—Nathaniel Roybal, MD

    8. Note-taking

    You have an external brain in your pocket at all times with your smartphone or tablet. My external brain relies on Notability. You can use this app to keep track of notes during each and every lecture throughout your residency. You can also record voices, import pictures from slides, highlight, draw and search your notes for keywords. There’s also a desktop version that syncs with the mobile version. I still use the app in meetings today!

    —Evan Silverstein, MD ( designer of the 9Gaze and eyeTilt apps )

    9. Fundus photos

    I love using my smartphone to obtain fundus photos. By holding up a condensing lens, you can use your phone as an indirect ophthalmoscope. The Ullman Indirect app allows you to adjust the light on your phone and obtain either burst photos or a video of the patient’s fundus. This tool is great for late-night consults to the retina fellow or attending.

    —Dr. Silverstein

    10. Phenotype detection

    With Face2Gene, you can take a picture of a patient that appears to have a dysmorphology, and the app will send you a suggested list of relevant syndrome matches. It’s a great way to detect phenotypes from facial photos using your smartphone.

    —Dr. Silverstein

    * * *

    About the authors:

    James G. Chelnis, MD, is an oculoplastics and reconstructive surgery attending at the New York Eye and Ear Infirmary of Mount Sinai. He completed his American Society of Oculoplastic and Reconstructive Surgery training at Vanderbilt University and the University of Tennessee. He has been on YO Info’s editorial board since 2012 and became chair in 2017.

    James G. Chelnis, MD

    Jiaxi Ding, MD, is a glaucoma specialist at Carolina Eye Associates, a large multispeciality ophthalmology group in North Carolina. She completed her glaucoma fellowship at the University of Iowa and residency training at SUNY Buffalo. She joined the YO Info editorial board in 2016.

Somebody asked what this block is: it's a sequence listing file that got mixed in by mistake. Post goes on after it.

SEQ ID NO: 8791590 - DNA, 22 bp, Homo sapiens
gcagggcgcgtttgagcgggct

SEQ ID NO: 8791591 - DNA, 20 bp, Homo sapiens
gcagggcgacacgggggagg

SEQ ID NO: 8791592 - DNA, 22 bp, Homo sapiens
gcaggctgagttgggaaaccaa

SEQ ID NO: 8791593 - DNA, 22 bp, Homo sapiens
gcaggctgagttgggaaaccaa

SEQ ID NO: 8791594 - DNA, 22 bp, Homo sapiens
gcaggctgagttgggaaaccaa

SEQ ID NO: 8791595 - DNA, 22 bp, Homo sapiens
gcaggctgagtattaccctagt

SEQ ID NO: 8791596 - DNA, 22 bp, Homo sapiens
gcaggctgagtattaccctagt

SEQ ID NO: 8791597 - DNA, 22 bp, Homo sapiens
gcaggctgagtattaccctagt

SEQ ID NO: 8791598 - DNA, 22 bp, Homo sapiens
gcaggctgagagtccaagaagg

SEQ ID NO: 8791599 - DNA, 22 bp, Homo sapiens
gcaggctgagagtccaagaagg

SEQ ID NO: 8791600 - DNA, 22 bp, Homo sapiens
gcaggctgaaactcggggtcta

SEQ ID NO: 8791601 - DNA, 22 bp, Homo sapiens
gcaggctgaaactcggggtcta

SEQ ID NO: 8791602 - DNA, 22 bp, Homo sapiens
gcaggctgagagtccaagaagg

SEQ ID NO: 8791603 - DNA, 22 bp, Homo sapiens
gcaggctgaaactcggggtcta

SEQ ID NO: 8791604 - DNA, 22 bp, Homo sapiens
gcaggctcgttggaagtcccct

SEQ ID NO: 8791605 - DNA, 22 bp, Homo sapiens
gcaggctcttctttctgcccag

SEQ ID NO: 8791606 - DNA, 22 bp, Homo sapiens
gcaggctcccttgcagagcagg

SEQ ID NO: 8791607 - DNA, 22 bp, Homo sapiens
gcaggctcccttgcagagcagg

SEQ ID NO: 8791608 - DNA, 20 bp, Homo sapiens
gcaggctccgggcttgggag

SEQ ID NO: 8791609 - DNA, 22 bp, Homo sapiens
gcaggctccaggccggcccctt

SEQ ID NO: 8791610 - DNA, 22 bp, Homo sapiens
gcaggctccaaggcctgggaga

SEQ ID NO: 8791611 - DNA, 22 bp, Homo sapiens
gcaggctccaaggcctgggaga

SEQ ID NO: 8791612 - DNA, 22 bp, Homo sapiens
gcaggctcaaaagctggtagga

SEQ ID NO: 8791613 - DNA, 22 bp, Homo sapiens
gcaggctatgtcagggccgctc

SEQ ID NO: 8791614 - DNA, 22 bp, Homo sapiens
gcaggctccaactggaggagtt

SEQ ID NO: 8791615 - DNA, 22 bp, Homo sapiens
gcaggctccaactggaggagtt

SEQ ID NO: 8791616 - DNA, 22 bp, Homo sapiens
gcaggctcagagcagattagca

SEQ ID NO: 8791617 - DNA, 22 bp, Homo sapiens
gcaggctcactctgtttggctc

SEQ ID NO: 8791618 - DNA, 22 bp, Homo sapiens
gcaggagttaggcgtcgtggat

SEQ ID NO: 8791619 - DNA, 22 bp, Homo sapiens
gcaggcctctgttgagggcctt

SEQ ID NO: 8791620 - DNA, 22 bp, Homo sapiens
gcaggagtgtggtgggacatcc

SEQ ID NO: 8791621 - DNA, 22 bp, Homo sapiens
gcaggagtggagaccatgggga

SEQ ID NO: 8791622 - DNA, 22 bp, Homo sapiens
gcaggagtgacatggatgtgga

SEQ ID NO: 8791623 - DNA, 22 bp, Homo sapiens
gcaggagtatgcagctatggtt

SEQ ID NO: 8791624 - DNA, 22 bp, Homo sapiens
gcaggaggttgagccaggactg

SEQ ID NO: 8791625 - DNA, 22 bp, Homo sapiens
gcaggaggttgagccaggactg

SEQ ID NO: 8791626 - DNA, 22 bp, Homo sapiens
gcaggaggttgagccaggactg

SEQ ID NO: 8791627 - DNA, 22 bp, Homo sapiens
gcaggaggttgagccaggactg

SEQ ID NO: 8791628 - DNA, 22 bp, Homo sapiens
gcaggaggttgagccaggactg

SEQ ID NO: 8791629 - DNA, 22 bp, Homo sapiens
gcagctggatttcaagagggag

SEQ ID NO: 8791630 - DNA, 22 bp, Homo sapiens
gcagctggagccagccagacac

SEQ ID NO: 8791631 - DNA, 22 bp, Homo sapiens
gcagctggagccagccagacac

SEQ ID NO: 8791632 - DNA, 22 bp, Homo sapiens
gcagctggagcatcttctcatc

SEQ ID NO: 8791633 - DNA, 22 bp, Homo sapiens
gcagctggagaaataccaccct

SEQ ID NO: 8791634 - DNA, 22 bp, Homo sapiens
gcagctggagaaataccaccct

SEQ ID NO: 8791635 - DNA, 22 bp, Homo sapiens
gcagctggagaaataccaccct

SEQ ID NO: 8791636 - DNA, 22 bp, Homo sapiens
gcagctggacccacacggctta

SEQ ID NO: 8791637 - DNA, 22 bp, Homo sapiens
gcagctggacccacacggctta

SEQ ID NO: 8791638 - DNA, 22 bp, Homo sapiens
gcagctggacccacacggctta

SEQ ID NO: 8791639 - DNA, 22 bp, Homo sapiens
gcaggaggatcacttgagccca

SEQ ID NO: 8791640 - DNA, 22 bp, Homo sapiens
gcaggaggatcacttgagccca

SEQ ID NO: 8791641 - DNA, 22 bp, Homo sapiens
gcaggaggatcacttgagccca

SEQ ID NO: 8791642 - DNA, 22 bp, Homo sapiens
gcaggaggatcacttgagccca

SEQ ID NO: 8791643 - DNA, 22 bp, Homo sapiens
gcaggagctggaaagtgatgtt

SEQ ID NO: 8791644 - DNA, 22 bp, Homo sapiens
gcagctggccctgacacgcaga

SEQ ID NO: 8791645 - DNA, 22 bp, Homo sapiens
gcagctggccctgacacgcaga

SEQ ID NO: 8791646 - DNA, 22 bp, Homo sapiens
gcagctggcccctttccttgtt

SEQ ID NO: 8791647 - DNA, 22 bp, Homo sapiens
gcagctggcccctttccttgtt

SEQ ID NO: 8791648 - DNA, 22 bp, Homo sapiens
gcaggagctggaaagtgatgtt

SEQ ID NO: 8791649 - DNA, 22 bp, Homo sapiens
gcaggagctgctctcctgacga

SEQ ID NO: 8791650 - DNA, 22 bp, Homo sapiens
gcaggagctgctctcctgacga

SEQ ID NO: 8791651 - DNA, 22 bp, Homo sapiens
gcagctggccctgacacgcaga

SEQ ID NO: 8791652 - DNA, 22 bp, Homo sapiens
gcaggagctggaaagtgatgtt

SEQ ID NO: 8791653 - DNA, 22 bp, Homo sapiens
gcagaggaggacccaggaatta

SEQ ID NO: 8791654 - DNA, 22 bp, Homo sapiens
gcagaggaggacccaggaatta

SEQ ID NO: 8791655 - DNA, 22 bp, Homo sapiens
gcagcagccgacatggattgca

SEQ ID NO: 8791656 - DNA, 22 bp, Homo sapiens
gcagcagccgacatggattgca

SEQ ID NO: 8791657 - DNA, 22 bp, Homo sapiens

Jiaxi Ding, MD

    Nathaniel Roybal, MD, PhD is in practice at Eye Associates of New Mexico in Albuquerque. He completed his residency at UCLA and vitreoretinal fellowship at the University of Iowa. He joined the YO Info editorial board in 2017.

    Nathaniel Roybal, MD

    Jason D. Rupp, MD, is a glaucoma and advanced anterior segment surgeon in private practice at Clarus Vision Clinic in Salt Lake City. Dr. Rupp completed his residency and fellowship training at Washington University in St. Louis. He joined the YO Info editorial board in 2016.

    Jason D. Rupp, MD

    Evan Silverstein, MD, is an assistant professor of ophthalmology and associate residency program director at Virginia Commonwealth University in Richmond, Va. Dr. Silverstein completed his residency at Vanderbilt University and a pediatric and adult strabismus fellowship at Duke University. He is the owner of See Vision, LLC, which distributes free ophthalmology apps, including 9 Gaze — an app for documenting strabismus and eye motility— and eyeTilt — an app for determining how many degrees someone’s head is tilted. Dr. Silverstein joined the YO Info editorial board in 2017.

    Evan Silverstein, MD

    Andrea A. Tooley, MD, is a fourth-year resident at the Mayo Clinic in Rochester, Minn. This July, Dr. Tooley will start an oculoplastics fellowship at Manhattan Eye and Ear Hospital/Institute of Reconstructive Plastic Surgery-New York University Medical Center in New York City. She joined the YO Info editorial board this year.

    Andrea A. Tooley, MD

    Victoria H. Yom, MD, is a cornea specialist at the Ronald Reagan UCLA Medical Center in Los Angeles. Dr. Yom completed her residency at the Washington University School of Medicine. She joined the YO Info editorial board this year.

    Victoria H. Yom, MD